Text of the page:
A Good Offense
Kitchen turnover can be devastating to your food quality, but in many cases it’s inevitable. People move on — and in this labor market, they are doing it in record numbers. But your prized, carefully crafted menu items do not have to suffer when you get an influx of new team members in the back of the house.
The best defense to combat food quality issues with new staffers is a good offense.
Spell It Out
I’ve been in a lot of pizzerias over the years, and I love when an operator hands me their recipe binder or recipe cards. They are meticulous. Everyone approaches them differently. Some use directions in pictures or graphics. Others write it out emphasizing the most important factors in making the dish.
I’ve also seen laminated chart posters above the various makeline stations with the most popular menu items outlined. Quick references like these can provide a visual reminder when that new staffer gets hit with a rush on their first few days on the line.
Recipe binders are still the tried-and-true, go-to tool keeping the food quality consistent. “Every single item has a detailed recipe,” says Mike Androw, owner of E&D Pizza Company in Avon, Connecticut. “It’s an ‘old school’ method. I know. I don’t use it because I’m stubborn. I use it because it works. Laminated pages in a reinforced binder are within reach at any time. Consistency is huge with me. This tool ensures that every item is prepared to the exact same recipe every time. Nobody ever has to guess as to what a recipe was. If you’ve forgotten, no problem, the binder is right there with the answer.”
Think through how the recipe binder is organized and updated. Pete Tolman, chef/owner at Iron Born in Pittsburgh, Pennsylvania keeps a keen eye on his recipe binders. “We place our most used recipes at the front of our binders and our out of season recipes to the back,” he says. “We try to not let cooks remove the recipes from the binder and place them in the exact same place every day so the whole kitchen has access and knows where to find them. If you have cooks that aren’t organized or lose items often, buy the most neon-colored binders you can find and a different color for each station.”
When’s the last time you reviewed your recipe binder? Get it out now and take a hard look at it with objectivity. And answer this question: “If I have never made this menu item, could I successfully make it using this recipe and make consistently the same every time? You can even gain perspective from someone who doesn’t know your kitchen ops. See what questions they have if presented with the recipe as their only guide.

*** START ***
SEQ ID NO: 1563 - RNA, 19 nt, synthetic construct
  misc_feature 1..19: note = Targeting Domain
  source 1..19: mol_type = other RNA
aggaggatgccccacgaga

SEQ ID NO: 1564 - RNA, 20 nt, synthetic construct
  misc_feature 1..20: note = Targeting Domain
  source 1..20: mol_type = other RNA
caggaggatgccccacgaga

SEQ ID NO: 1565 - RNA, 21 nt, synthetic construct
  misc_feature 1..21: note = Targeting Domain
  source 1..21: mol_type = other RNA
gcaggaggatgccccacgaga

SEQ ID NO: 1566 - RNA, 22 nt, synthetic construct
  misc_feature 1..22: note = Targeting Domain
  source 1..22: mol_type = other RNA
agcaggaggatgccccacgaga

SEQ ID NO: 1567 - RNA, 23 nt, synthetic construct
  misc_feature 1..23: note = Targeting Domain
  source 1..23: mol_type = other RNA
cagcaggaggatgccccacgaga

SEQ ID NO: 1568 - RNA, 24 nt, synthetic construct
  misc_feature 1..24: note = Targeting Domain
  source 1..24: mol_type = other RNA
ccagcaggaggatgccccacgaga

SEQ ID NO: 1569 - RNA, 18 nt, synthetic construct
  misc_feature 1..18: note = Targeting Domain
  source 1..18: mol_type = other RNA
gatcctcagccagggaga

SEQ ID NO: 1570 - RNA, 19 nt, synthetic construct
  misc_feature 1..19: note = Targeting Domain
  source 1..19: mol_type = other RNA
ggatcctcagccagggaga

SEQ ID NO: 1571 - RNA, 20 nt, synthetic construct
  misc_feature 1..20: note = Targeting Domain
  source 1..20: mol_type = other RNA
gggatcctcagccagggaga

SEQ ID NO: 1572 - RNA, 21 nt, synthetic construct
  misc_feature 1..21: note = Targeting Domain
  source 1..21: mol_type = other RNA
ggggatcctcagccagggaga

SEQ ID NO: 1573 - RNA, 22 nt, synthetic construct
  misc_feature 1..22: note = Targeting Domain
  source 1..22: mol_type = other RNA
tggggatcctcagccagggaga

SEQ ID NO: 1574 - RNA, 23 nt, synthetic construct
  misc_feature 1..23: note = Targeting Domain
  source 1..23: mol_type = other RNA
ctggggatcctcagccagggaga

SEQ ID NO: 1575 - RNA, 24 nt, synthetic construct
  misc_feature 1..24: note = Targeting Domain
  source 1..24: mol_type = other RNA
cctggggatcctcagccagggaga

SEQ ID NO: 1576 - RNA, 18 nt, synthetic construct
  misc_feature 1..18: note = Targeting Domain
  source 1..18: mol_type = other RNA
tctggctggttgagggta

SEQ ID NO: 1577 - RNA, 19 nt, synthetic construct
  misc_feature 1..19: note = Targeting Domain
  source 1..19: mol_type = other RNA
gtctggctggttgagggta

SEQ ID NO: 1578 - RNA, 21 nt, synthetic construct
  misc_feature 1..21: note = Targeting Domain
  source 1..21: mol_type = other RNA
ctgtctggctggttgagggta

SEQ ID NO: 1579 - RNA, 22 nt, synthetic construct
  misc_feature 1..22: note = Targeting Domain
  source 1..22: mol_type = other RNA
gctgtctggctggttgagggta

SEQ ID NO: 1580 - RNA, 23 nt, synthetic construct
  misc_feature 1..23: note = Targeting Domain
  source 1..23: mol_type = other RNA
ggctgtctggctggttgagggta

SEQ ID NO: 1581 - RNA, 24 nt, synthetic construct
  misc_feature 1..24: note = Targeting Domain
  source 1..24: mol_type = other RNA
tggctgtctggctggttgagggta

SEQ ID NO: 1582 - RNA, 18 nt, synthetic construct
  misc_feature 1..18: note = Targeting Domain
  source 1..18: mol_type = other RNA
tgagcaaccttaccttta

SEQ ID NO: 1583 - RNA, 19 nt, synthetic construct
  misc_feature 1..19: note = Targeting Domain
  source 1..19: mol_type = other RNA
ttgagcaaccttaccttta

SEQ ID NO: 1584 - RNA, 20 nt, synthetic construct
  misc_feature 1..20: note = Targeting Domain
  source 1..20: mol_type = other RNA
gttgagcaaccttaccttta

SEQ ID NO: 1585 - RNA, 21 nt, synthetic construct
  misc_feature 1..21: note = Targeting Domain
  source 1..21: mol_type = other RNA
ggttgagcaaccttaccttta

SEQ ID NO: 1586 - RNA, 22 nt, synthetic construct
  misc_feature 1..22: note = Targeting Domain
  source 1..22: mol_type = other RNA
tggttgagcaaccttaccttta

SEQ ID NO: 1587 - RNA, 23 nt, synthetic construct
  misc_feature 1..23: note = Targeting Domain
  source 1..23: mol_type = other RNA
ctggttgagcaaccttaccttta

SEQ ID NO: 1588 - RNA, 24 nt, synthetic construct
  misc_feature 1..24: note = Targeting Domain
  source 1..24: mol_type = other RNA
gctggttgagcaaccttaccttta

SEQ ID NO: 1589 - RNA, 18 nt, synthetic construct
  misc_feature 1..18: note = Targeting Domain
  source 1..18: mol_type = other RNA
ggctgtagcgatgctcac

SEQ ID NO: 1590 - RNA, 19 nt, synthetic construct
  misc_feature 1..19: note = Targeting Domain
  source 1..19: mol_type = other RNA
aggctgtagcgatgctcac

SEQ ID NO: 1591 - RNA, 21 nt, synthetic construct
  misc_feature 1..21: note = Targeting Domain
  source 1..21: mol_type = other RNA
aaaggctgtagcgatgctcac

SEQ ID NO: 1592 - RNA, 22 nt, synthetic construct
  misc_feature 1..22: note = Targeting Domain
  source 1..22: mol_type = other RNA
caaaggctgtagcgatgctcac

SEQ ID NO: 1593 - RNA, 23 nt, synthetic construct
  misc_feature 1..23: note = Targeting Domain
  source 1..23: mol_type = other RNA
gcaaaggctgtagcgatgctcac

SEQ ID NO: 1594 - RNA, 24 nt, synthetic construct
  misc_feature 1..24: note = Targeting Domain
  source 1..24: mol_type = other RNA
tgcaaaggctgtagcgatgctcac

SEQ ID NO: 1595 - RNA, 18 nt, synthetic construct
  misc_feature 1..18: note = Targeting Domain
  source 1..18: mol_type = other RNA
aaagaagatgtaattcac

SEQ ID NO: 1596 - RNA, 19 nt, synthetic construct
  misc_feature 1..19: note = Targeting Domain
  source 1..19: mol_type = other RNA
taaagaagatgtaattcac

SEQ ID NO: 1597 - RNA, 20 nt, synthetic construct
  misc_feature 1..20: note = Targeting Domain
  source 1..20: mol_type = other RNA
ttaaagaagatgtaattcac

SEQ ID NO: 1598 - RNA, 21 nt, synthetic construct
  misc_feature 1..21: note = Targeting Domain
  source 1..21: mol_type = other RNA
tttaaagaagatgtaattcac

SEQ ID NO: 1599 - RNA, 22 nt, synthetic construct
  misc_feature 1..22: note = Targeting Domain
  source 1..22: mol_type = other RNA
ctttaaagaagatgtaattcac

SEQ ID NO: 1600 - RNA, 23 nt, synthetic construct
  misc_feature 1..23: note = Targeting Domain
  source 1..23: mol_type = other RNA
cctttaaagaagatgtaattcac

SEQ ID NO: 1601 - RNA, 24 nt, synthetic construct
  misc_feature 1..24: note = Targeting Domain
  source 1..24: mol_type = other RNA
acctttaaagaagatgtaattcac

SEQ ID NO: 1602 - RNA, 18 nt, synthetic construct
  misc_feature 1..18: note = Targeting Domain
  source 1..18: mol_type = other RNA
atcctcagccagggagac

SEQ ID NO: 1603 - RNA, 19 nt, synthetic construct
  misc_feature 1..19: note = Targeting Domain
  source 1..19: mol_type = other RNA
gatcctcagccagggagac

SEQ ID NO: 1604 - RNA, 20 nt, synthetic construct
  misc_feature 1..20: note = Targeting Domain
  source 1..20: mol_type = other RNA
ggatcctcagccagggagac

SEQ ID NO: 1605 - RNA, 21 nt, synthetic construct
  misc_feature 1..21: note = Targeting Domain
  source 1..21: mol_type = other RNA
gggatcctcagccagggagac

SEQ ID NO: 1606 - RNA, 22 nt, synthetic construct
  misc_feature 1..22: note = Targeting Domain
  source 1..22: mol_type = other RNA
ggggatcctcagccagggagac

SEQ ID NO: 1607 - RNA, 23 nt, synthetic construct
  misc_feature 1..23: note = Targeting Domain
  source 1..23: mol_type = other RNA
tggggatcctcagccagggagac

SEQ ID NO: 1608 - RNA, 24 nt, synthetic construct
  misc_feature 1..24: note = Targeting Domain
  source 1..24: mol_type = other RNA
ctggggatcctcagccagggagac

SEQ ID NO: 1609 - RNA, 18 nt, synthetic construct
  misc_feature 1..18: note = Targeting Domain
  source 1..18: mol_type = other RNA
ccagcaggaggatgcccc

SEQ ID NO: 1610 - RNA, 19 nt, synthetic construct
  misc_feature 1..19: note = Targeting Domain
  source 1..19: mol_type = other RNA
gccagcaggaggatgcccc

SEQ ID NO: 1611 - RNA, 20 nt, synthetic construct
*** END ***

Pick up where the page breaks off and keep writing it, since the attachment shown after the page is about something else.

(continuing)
Set Them Up for Success
A new employee’s failures on the line are your failures. The sink or swim method does not work in a fast-paced pizzeria kitchen. Training is paramount. If you skimp on training because of time constraints or being short-staffed, your end-product will pay the price and you’ve placed retention at risk with that new cook. Set them up for success with proper training.
Androw takes a stern stance on training the back of the house. “Training is imperative when it comes to maintaining food quality,” he says. “We utilize a hierarchy system of training for new employees. Regardless of what station someone is training in, they will work for two weeks with only the senior most employee on said station. This ensures that the person who knows that station better than anyone is training the new employee to prepare those items to our exact specifications.”
Lean on Your Team
In addition to training, lean on your seasoned team to help guide the new staffer. Empower and encourage your crew to coach new teammates, taking the time to answer questions, provide demonstrations or shadow a preparation technique. Not everyone has a “team sports” mentality. Don’t expect that to be an automatic instinct. Incentivize your team to take on the role of team captain.
“I depend on management and senior cooks to help train and teach new team members on how to set up, execute and flow through the kitchen,” Tolman says. “We try to cross-train everyone that is able on all stations so that in a tight situation, anyone of us can swap or help the other through the weeds. If every cook knew every station and could hold their own each night, it makes you so much more flexible as a company.”
Make Their Job Easier
Look at your makeline stations from eyes of the new cook. Do you make the processes easier or do you stack the deck with constant hurdles that a new team member has to think through while performing their various tasks?
One of the biggest hurdles is not having enough product on the makeline or not having it accessible during the rush. This is added stress for a new cook that is avoidable with proper preparation. Having the right amount of prepped ingredients in the right place is key. “We have pull/set-up diagrams inside our coolers laminated so that they can be cleaned and don’t move,” Tolman says. “The line cook knows exactly how many of each item they need every night. Example: three quarts banana peppers, one quart marinated olives, three cases cheese, half case pepperoni. That gives us the ability to follow up on our cooks to ensure the kitchen is set for every shift.”
Make the time to re-evaluate your systems and processes to ensure that new kitchen crew members can make your products the same every time. It’s easy to get complacent with ops procedures until it bites you. Don’t let the labor crunch kill the quality of your end product.
DENISE GREER is Executive Editor at Pizza Today.